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Politics & Government

It's Not Easy, But Even Hospital Patients Can Vote Today

Mark Nootbaar
90.5 WESA

A small army of volunteers is helping voters in Allegheny County who unexpectedly find themselves in the hospital today.

Until the state legislature passed a law in 2006 creating emergency absentee ballots, there was no way for someone who missed the absentee deadline could vote if they could not get to the polling place. 

“When I signed up for this I thought we’ll just walk to their room with a ballot and they would fill it out and that would be it… But no, it’s an all-day process,” said Betsy Butler of Greenfield, a volunteer with the Election Protection Program. 

First, the voter fills out a form requesting the emergency absentee ballot, then a doctor signs it, confirming that individual is hospitalized and unable to make it to the polls. The ballot is then notarized and registered with the elections division, before being taken to a judge for a hearing. Organizer Paul O’Hanlon says there can be objections at the hearing.

“The major parties fly in out-of-town lawyers who get here and seem to see their job as to be objecting to everything and so they generally do,” said O’Hanlon, who stresses that it is a nonpartisan effort. “I’m doing the job making sure that everybody can vote and I could care less how they vote. I just care that they be able to vote.”

After getting the judge’s approval, it’s back to the elections division to verify the voter and to get the right ballot printed.

That ballot is driven back to patient for voting.  Finally, it's  taken back to the Elections Division office to be submitted.  It all has to be done by 8:00 p.m., when the polls close.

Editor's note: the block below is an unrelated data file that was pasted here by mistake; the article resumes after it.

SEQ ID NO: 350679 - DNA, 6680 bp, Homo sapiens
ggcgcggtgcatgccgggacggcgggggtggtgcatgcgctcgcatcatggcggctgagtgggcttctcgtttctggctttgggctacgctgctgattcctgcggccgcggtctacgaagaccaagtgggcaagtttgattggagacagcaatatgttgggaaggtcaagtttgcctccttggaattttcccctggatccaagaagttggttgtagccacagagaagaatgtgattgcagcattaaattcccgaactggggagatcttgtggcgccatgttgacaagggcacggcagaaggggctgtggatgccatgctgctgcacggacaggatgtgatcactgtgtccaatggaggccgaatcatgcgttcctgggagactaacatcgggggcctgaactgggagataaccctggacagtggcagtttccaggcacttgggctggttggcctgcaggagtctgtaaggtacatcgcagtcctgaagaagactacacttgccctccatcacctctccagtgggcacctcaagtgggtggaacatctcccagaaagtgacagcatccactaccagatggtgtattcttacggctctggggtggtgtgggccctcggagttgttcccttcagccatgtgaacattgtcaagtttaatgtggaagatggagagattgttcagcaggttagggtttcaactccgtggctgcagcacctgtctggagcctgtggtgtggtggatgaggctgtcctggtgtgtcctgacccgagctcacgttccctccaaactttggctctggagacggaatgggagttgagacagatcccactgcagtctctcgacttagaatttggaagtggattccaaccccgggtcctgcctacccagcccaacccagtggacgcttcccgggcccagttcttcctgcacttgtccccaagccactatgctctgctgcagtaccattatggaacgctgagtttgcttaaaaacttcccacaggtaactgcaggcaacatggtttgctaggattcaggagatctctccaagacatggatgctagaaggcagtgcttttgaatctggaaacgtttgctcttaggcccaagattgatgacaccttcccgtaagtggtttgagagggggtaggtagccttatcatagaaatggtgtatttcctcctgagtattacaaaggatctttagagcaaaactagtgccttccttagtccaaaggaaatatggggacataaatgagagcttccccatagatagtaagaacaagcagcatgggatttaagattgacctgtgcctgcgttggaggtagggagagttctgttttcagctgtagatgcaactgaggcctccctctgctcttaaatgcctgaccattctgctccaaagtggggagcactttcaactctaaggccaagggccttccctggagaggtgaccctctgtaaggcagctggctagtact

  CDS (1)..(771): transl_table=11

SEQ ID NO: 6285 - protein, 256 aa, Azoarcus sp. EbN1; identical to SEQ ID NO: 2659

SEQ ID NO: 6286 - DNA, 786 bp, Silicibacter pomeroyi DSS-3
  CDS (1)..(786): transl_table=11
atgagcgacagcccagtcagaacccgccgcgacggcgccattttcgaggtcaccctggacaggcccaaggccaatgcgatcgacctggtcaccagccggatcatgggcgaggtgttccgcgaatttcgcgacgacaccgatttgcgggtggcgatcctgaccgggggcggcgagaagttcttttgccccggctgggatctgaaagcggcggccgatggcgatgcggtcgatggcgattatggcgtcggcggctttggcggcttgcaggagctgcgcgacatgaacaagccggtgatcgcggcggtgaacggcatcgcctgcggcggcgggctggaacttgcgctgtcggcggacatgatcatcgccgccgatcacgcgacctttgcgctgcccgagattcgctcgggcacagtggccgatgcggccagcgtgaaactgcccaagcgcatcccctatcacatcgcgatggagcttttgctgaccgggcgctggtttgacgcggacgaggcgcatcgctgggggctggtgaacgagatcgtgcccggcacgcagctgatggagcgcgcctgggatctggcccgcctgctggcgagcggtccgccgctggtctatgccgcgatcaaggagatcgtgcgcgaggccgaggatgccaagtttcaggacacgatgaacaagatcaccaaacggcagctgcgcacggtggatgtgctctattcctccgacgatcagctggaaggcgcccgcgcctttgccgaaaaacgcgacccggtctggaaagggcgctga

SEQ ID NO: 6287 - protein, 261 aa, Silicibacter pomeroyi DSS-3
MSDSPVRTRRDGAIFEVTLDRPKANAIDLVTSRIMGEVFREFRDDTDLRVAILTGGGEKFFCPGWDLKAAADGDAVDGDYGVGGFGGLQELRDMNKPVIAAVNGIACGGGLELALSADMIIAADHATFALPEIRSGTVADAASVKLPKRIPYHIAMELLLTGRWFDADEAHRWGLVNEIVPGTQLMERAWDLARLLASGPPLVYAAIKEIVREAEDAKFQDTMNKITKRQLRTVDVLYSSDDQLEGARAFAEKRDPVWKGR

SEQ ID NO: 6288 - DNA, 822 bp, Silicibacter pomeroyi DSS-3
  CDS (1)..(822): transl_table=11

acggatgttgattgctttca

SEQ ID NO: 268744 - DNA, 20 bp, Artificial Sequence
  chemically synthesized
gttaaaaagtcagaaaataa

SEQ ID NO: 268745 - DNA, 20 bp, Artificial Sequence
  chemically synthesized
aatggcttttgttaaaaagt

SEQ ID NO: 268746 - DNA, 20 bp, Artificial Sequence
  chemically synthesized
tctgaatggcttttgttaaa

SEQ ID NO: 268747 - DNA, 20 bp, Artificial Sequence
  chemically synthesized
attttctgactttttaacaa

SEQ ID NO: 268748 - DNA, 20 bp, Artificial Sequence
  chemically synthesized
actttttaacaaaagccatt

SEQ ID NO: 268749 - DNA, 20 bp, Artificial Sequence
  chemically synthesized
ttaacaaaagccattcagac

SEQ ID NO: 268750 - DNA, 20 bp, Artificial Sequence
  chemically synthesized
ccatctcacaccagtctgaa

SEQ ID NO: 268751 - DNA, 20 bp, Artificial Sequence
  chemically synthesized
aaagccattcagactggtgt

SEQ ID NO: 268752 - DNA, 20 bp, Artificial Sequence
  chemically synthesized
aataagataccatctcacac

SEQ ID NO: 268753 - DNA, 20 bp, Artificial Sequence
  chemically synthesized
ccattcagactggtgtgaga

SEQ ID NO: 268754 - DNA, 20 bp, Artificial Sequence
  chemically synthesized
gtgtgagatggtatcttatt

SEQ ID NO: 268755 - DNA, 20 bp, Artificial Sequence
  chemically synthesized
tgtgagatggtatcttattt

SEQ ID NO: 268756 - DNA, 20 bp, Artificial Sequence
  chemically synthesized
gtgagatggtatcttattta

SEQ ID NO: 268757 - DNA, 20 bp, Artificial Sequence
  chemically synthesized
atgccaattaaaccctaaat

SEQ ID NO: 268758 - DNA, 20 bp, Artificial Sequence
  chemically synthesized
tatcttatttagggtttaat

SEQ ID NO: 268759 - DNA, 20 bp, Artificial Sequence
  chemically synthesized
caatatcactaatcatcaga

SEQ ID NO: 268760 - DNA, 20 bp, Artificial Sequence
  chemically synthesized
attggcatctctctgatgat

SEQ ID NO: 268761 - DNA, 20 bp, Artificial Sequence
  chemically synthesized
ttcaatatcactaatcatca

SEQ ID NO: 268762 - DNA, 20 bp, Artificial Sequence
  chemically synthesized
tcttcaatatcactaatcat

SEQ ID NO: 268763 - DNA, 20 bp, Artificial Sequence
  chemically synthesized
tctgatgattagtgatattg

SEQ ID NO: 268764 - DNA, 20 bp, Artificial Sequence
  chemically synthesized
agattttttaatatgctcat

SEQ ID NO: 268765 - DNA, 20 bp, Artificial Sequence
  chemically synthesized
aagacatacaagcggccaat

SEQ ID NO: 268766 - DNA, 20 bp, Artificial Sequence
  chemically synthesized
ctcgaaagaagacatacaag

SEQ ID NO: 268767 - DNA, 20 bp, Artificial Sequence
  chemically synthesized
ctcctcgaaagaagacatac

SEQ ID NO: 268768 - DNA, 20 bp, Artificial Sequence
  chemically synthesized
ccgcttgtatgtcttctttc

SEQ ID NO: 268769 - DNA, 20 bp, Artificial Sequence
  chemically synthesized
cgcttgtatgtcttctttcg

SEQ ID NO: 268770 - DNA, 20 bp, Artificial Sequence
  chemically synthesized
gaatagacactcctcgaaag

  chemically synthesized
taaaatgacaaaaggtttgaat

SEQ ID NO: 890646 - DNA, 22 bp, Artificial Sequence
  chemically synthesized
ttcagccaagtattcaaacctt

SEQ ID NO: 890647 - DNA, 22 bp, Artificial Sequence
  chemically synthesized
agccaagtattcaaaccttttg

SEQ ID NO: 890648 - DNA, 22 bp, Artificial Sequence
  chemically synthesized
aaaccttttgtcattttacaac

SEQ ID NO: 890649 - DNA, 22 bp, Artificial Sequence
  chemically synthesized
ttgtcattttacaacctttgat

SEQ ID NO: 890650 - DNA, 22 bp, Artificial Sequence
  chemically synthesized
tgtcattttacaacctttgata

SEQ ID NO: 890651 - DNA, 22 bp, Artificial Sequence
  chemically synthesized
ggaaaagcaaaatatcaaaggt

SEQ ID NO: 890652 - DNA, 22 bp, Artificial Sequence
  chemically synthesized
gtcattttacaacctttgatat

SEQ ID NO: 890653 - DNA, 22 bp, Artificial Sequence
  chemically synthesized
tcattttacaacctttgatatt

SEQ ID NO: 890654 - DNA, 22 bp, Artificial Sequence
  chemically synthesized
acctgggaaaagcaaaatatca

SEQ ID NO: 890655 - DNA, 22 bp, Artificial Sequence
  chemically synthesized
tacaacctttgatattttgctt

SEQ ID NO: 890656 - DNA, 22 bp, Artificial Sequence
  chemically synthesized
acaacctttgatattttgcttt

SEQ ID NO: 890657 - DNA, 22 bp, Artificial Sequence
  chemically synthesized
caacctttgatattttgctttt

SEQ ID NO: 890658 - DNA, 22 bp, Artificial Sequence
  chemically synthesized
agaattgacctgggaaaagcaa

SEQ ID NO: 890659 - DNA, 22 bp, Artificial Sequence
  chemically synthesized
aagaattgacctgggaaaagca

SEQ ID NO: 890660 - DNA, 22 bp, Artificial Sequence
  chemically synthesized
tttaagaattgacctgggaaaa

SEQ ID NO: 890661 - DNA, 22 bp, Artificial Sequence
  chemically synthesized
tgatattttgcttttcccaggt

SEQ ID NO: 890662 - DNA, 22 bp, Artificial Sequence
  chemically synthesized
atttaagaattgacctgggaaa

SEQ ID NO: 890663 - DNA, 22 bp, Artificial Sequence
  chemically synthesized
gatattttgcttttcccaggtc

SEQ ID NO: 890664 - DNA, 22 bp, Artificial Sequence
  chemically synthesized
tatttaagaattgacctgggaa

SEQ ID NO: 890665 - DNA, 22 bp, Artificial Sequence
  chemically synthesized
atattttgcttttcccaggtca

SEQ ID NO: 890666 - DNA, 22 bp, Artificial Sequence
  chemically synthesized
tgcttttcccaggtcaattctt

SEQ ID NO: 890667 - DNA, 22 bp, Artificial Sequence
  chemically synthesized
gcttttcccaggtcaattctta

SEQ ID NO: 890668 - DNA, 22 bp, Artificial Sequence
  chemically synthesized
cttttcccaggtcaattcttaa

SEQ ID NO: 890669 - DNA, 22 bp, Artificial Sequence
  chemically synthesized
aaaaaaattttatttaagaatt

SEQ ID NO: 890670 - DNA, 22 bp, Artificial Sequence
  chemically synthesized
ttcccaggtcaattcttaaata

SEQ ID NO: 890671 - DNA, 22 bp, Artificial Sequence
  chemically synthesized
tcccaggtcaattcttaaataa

Credit Mark Nootbaar / 90.5 WESA
90.5 WESA
Election Protection Program volunteer Betsy Butler shows off the forms needed to start the process of helping a patient vote using an emergency absentee ballot. Butler was assigned to Magee-Womens Hospital of UPMC.

Among those voting with the help of the Election Protection Program was Victoria Winkeller, who was at Magee-Womens Hospital after having her first baby on Monday. 

“It wasn’t the first thing on my mind but I was worried about not being able to vote,” she said, while waiting for here paperwork to be returned to her.  “I had already asked several physicians and nurses here if there was a way I could get about an hour on pass to go do it and was told I probably would not be ready to leave.”

The project expects to be able to help more than 300 patients vote today.

“It’s been such a difficult tumultuous election, I felt this was just a really dignified way to help be part of the election process,” Butler said.

90.5 WESA is participating in Electionland, a ProPublica project that will cover access to the ballot and problems that prevent people from exercising their right to vote during the 2016 election.